Felicity Huffman Pleads Guilty in College Admissions Scam

Police escort actress Felicity Huffman into the John Joseph Moakley United States Courthouse in Boston, Massachusetts, on May 13, 2019.  (Joseph Prezioso/AFP/Getty Images)

Updated May 13, 1 p.m.

"Desperate Housewives" star Felicity Huffman pleaded guilty on Monday to participating in the college admissions cheating scheme.

The 56-year-old actress entered the plea to a charge of conspiracy to commit mail fraud and honest services mail fraud. Huffman stood with her hands clasped in front of her and responded, "Yes, your honor," when asked whether she understood the charges. Her brother, Moore Huffman Jr., watched from the front row. Her husband, 69-year-old "Shameless" actor William H. Macy, didn't attend the hearing.

Huffman became the highest-profile person so far to admit to taking part in a college admissions bribery scheme that has also ensnared prominent college coaches and figures from the business world in the investigation named "Operation Varsity Blues."

The case has put the career of Huffman, an Emmy-winning star, in turmoil and laid bare the elite's ability to influence the education system. Huffman is among 14 parents who have agreed to plead guilty to charges in what authorities have called the biggest college admissions cheating scandal ever prosecuted in the U.S.

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The parents are accused of paying an admissions consultant to bribe coaches in exchange for helping their children get into school as athletic recruits. The consultant, Rick Singer, also paid off entrance exam administrators to allow a proctor to take tests for students or fix their answers, authorities say.

Huffman paid Singer $15,000 to have a proctor correct her older daughter's SAT answers and considered going through with the scheme for her younger daughter before deciding not to, authorities say.

Investigators have said Macy was with her when Singer explained how he could arrange for the cheating because he "controlled" a test center. Both Huffman and Macy agreed to plan, authorities say, but Macy has not been charged. Prosecutors have not explained why.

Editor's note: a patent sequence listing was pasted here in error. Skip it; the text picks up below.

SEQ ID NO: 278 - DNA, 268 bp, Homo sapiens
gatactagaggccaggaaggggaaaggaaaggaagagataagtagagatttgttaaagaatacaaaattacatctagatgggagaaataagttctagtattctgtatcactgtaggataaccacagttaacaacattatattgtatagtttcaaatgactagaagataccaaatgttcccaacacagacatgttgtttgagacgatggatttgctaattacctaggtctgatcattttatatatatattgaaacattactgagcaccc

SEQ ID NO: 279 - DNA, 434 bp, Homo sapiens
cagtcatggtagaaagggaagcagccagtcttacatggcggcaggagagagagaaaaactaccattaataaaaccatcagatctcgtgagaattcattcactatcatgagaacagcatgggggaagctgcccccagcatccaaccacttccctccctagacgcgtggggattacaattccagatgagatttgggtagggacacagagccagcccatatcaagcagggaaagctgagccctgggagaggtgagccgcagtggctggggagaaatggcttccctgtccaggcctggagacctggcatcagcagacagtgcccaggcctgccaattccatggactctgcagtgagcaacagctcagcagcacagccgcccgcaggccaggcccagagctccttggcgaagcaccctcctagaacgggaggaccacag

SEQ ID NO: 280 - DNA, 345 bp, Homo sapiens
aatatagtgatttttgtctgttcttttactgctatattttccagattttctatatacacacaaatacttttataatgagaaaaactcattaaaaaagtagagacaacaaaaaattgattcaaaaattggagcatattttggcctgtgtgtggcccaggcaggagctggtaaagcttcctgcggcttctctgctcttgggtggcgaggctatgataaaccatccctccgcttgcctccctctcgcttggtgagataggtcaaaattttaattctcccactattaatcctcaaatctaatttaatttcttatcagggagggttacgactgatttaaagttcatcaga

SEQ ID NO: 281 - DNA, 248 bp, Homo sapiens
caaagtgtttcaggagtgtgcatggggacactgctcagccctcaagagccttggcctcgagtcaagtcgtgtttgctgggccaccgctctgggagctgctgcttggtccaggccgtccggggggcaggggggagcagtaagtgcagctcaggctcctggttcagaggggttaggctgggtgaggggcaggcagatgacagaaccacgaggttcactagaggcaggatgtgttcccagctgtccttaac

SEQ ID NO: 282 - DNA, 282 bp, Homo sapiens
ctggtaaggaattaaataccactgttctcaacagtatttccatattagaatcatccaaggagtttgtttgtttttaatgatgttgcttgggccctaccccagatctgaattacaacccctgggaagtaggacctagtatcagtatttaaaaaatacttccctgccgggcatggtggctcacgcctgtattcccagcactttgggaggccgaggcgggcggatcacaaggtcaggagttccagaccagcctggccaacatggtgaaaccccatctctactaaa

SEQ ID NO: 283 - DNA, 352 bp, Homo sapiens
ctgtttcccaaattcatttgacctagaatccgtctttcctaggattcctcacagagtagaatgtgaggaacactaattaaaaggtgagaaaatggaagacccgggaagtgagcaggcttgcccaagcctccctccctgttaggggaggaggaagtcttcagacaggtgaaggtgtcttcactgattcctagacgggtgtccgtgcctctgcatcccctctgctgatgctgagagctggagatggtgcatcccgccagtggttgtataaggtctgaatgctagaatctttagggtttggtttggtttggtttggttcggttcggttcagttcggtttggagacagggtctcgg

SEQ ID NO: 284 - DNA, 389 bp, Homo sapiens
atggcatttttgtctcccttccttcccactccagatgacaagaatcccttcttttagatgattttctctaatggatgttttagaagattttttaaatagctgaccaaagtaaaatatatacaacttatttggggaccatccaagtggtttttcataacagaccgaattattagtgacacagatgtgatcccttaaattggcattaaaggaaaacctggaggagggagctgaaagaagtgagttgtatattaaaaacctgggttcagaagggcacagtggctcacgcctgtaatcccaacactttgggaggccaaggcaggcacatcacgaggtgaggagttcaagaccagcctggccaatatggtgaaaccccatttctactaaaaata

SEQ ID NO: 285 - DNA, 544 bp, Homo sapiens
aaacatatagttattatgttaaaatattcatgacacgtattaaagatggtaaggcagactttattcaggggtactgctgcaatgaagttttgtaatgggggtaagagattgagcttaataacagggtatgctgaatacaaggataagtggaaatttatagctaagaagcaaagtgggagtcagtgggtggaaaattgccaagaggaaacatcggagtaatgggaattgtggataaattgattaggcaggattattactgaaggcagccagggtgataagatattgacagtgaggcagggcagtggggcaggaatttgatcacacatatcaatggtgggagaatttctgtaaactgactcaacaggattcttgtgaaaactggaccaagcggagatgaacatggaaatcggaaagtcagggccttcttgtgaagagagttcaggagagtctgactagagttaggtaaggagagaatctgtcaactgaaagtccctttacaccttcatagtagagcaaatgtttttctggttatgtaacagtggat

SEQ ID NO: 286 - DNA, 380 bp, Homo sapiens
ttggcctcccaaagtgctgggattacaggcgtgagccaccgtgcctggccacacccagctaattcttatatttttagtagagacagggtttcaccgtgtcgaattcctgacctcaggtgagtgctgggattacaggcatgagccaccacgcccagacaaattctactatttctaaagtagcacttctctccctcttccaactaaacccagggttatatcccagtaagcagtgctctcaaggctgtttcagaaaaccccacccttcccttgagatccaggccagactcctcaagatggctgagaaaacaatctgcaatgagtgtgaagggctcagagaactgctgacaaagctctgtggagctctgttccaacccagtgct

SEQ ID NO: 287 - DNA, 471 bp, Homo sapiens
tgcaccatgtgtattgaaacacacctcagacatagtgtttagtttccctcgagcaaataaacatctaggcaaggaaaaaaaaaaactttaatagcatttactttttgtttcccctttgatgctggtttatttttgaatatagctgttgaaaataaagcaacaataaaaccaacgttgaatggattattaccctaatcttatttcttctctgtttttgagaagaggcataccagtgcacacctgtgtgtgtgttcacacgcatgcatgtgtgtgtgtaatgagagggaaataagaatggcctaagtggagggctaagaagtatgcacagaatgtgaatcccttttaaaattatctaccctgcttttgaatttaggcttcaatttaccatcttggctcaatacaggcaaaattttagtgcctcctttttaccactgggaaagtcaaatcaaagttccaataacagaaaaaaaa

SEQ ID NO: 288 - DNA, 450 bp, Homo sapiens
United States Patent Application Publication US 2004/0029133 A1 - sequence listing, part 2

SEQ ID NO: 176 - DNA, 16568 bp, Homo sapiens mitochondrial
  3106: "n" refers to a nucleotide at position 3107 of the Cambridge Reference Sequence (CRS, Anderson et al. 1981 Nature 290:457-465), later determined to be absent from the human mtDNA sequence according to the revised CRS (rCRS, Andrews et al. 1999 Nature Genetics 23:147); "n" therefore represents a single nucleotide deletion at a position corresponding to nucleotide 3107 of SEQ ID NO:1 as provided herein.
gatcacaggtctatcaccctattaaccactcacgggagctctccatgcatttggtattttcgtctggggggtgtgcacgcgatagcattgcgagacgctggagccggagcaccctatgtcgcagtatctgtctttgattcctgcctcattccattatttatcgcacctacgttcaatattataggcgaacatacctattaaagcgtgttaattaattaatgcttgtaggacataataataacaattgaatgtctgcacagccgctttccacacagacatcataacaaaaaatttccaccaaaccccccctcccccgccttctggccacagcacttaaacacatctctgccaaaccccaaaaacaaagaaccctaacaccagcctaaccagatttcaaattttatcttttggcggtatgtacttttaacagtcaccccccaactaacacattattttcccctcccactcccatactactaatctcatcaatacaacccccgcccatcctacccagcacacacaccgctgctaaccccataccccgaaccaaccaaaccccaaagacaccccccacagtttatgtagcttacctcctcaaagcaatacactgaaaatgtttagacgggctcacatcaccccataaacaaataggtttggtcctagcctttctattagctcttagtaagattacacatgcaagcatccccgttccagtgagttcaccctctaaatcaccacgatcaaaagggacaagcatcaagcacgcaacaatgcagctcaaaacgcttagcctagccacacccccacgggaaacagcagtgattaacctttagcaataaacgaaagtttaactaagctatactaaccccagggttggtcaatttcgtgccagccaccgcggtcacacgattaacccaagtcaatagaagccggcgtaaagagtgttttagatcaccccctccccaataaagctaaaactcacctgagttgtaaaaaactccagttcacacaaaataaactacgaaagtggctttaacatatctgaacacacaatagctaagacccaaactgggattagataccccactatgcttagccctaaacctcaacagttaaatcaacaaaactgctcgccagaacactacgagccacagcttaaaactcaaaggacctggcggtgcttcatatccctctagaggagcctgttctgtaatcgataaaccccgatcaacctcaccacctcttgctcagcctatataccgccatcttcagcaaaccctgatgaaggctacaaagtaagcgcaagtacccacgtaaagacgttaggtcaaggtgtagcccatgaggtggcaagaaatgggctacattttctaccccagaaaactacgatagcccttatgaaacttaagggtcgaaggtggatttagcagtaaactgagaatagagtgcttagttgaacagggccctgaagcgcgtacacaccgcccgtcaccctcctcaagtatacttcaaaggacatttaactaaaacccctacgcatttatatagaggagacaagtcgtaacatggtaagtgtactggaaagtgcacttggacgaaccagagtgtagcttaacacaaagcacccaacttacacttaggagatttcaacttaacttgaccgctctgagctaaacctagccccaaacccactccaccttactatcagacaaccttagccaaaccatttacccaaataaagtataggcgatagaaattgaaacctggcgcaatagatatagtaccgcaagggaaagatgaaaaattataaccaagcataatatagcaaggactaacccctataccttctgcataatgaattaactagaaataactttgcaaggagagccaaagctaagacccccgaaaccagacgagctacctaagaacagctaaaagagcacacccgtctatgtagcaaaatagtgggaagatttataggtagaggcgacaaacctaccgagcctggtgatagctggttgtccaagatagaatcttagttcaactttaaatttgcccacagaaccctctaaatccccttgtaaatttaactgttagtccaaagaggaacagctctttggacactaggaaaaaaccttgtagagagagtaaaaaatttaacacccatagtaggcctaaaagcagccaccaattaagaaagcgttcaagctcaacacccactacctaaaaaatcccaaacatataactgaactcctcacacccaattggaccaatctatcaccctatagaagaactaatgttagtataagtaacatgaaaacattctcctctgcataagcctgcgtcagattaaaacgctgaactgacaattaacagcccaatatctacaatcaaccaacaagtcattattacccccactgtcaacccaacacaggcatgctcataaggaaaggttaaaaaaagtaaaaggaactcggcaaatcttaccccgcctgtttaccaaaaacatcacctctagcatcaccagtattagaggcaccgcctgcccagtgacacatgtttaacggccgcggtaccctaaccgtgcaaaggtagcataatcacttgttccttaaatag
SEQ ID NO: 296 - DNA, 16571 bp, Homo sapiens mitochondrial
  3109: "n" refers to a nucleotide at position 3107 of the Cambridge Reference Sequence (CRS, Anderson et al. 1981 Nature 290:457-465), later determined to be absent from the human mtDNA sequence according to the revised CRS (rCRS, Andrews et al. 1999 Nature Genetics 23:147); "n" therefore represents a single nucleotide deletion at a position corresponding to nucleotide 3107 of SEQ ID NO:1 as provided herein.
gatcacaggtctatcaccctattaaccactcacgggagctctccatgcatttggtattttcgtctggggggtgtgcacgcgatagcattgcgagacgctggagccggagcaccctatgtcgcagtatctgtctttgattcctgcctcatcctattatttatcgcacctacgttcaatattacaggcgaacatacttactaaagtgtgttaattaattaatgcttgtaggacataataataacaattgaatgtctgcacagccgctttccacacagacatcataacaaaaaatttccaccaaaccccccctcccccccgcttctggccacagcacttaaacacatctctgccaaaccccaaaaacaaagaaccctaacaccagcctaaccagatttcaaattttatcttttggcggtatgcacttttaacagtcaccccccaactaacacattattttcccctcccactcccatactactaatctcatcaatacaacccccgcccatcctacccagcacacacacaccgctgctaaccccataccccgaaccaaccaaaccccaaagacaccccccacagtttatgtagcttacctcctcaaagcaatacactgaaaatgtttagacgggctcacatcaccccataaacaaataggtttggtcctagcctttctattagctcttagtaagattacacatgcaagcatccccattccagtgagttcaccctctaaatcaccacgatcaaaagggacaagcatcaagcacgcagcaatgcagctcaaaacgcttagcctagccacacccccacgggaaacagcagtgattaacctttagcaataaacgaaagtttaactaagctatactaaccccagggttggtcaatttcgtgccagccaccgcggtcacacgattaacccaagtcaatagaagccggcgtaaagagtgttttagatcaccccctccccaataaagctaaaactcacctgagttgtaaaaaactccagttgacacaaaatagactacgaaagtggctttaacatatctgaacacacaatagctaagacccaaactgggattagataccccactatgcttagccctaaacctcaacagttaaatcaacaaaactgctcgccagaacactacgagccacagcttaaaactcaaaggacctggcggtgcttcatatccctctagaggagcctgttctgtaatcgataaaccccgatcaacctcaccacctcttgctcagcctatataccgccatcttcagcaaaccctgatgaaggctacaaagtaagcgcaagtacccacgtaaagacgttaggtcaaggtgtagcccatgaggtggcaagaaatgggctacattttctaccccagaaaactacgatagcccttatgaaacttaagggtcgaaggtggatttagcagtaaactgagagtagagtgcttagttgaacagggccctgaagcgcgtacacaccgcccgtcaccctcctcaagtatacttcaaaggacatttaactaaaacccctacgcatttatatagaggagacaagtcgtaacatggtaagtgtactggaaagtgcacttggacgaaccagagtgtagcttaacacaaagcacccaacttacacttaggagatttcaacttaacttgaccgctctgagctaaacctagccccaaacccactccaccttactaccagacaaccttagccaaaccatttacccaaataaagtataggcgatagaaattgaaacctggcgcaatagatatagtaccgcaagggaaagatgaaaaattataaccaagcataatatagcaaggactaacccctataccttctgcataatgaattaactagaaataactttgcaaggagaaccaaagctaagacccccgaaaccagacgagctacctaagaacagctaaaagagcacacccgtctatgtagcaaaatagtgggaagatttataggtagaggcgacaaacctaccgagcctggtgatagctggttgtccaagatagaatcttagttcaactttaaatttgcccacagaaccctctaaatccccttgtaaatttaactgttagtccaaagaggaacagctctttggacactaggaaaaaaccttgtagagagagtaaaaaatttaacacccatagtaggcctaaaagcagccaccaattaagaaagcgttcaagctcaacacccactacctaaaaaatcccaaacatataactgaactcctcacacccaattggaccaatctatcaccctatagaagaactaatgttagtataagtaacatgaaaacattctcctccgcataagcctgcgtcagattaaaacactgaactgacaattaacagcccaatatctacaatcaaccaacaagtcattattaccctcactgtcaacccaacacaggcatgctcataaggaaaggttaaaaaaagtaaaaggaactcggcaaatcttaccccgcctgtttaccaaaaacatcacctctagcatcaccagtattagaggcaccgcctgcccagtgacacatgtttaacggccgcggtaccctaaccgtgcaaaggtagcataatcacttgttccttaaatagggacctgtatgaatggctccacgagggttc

Huffman has apologized and said her daughter, 18, was unaware of her actions.

"I am in full acceptance of my guilt, and with deep regret and shame over what I have done, I accept full responsibility for my actions and will accept the consequences that stem from those actions," the actress said in an emailed statement last month.

Huffman has agreed to plead guilty to a charge of conspiracy to commit mail fraud and honest services mail fraud. Prosecutors had said they would seek a four-month sentence, but the judge could also choose not to send her to prison. Sentencing is set for Sept. 13.

Experts differ on the long-term impact the scandal will have on Huffman's career.

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After Huffman agreed to plead guilty, Netflix officials said a film starring her, "Otherhood," would not be released as planned in April and a new date would be determined. A limited Netflix series featuring Huffman on the Central Park Five case is expected to debut this month.

Los Angeles businessman Devin Sloane, who authorities say paid $250,000 to get his son into the University of Southern California as a fake water polo recruit, also pleaded guilty on Monday.

Sloane, who founded a drinking and wastewater systems company, bought water polo gear online and worked with a graphic designer to create a bogus photo of his son playing the sport for the teen's application, officials say.

Some parents accused of participating in the scam have decided to fight the charges.

Fellow actress Lori Loughlin and her fashion designer husband, Mossimo Giannulli, have pleaded not guilty to paying $500,000 in bribes to get their daughters into USC as crew recruits even though neither of them is a rower.

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